Border battles enflame Pakistan-Afghan tensions, threaten United States-led anti-terror war

Raging violence along the rugged Pakistan-Afghan border has sent relations between the two countries to new lows and underscored U.S. difficulties in containing a troubled region crucial to winning the war on terror.

The tensions are placing increasing pressure on Pakistani President Pervez Musharraf, a U.S. counterterror ally who has been forced to defend his government against claims by Afghan President Hamid Karzai that Pakistan hasn't been doing enough to stem the flow of militants into Afghanistan .

"If the violence in Afghanistan escalates in the spring, then I think we are going to see this relationship become even more tense," said Samina Ahmed, an Islamabad-based expert with the International Crisis Group. "And Pakistanis are really concerned about how this affects their relations with the Americans."

Marine Gen. Peter Pace, chairman of the U.S. Joint Chiefs of Staff, met Pakistani officials in Islamabad on Monday and Tuesday and discussed terrorist incursions into Afghanistan , a senior U.S. defense official said on condition of anonymity because the talks were private. His visit followed one earlier in the month by Gen. John Abizaid, chief of the U.S. Central Command.

More than four years after the U.S.-led invasion of Afghanistan , an intensifying campaign of bombings, including 30 suicide attacks since the fall, have targeted foreign troops, Afghan security forces and local authorities. Afghan officials claim the attackers operate out of Pakistan .

In addition, insecurity only appears to be growing along the mountainous border, where Osama bin Laden and other al-Qaida and Taliban leaders are believed to be hiding. In the past month, Pakistani forces have fought several battles with pro-Taliban militants in the tribal region of North Waziristan , leaving scores of soldiers and many more suspected militants dead.

On Tuesday, Afghan security forces killed at least 15 people who a local security commander claimed were Taliban rebels who had crossed from Pakistan .

But Pakistan officials denied the victims were Taliban members, while Afghan residents of the Kandahar provincial town of Spin Boldak , where the bodies were found, said they were tribesmen killed as part of a feud. Kandahar 's governor has launched a probe into the slayings.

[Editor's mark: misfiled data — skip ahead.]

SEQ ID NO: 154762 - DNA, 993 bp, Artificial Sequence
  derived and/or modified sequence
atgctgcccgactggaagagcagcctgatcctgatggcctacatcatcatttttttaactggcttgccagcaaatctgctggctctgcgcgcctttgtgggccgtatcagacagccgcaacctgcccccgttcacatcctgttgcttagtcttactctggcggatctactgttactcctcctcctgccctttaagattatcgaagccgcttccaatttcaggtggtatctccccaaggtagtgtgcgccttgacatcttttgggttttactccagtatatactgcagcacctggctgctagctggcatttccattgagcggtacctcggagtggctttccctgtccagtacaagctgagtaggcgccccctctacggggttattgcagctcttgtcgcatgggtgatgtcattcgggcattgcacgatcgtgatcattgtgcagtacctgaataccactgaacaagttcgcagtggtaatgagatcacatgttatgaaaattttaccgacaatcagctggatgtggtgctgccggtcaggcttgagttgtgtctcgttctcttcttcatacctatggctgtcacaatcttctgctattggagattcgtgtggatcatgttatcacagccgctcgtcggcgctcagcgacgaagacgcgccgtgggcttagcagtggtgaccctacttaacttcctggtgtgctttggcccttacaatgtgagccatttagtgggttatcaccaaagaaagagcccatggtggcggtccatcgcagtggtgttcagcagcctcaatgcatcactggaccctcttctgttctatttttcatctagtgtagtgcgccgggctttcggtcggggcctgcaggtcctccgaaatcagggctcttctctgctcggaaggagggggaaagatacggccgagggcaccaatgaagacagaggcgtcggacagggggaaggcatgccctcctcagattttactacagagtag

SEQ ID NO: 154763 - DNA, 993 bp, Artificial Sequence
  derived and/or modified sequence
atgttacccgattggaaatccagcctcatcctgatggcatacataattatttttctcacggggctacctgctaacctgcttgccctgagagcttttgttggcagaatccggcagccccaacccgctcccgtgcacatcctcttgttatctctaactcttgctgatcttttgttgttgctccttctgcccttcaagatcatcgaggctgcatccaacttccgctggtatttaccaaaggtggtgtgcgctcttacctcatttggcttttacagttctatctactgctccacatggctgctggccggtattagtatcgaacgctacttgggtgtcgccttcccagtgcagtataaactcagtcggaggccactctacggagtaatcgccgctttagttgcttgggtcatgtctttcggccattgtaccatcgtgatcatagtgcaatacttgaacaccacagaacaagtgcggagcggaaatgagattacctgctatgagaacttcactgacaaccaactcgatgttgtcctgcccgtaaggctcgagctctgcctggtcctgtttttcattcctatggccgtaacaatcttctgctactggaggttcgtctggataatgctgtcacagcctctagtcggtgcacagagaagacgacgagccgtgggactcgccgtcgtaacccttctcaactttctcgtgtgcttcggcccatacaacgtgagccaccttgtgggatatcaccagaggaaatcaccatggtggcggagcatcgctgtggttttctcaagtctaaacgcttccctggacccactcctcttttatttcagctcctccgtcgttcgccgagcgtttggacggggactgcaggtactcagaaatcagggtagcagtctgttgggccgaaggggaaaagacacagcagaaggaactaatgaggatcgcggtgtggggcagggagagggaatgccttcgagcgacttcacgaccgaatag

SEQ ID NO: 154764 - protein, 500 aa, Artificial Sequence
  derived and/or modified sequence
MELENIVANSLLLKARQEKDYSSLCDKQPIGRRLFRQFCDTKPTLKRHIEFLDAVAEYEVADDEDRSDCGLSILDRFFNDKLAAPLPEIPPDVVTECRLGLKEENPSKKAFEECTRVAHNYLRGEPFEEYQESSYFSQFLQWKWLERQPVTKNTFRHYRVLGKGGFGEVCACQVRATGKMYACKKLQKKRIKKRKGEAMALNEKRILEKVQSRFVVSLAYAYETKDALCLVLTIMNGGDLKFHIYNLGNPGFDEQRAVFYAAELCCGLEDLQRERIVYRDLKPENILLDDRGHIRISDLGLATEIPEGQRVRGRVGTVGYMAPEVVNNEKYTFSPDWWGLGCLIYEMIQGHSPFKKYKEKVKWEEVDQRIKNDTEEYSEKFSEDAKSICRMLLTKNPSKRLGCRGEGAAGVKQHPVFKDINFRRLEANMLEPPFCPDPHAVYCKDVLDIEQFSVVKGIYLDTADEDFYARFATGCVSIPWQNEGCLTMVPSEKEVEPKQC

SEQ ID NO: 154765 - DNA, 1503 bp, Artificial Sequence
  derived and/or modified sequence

Such disputes have raised serious doubts about whether the two governments can work together to fight Islamic militants, let alone track down bin Laden and his associates.

"What the U.S. is trying to do is encourage Afghanistan and Pakistan to have the best possible relationship," said Teresita Schaffer, director of the South Asia program at the Washington-based Center for Strategic and International Studies. "But it seems that President Bush hadn't realized the sensitive nature of Pakistan-Afghan relations."

Both Afghanistan and Pakistan became top U.S. allies in the war on terror after the 2001 invasion that ousted Afghanistan 's Taliban regime. But the two countries have never shaken off mutual distrust over Pakistan 's former support of the Taliban.

Last month, Karzai presented Pakistan with locations of alleged terrorist training camps and a list of extremists his government says are at large inside Pakistan .

When Afghan officials then leaked details of the intelligence, Musharraf was outraged. He accused Karzai in a televised interview of providing outdated information and not doing enough to stop militants entering Pakistan in the first place.

"With Karzai and Musharraf going at it, nobody can back down without losing face," said Patrick Cronin, an Asia-U.S. expert for the Center for Strategic and International Studies. "It is important these disagreements be dealt with at lower levels. Their own survival is at stake and these countries are at the front line of the struggle against terror."

Afghan and U.S. officials acknowledge that Musharraf has been trying to contain militants in the lawless border regions. But the Bush administration is also urging Pakistan to do more.

Diplomatic pressure on Musharraf could grow as NATO expands its peacekeeping operation into southern Afghanistan , bringing the forces of more nations under threat of attack, reports the AP.


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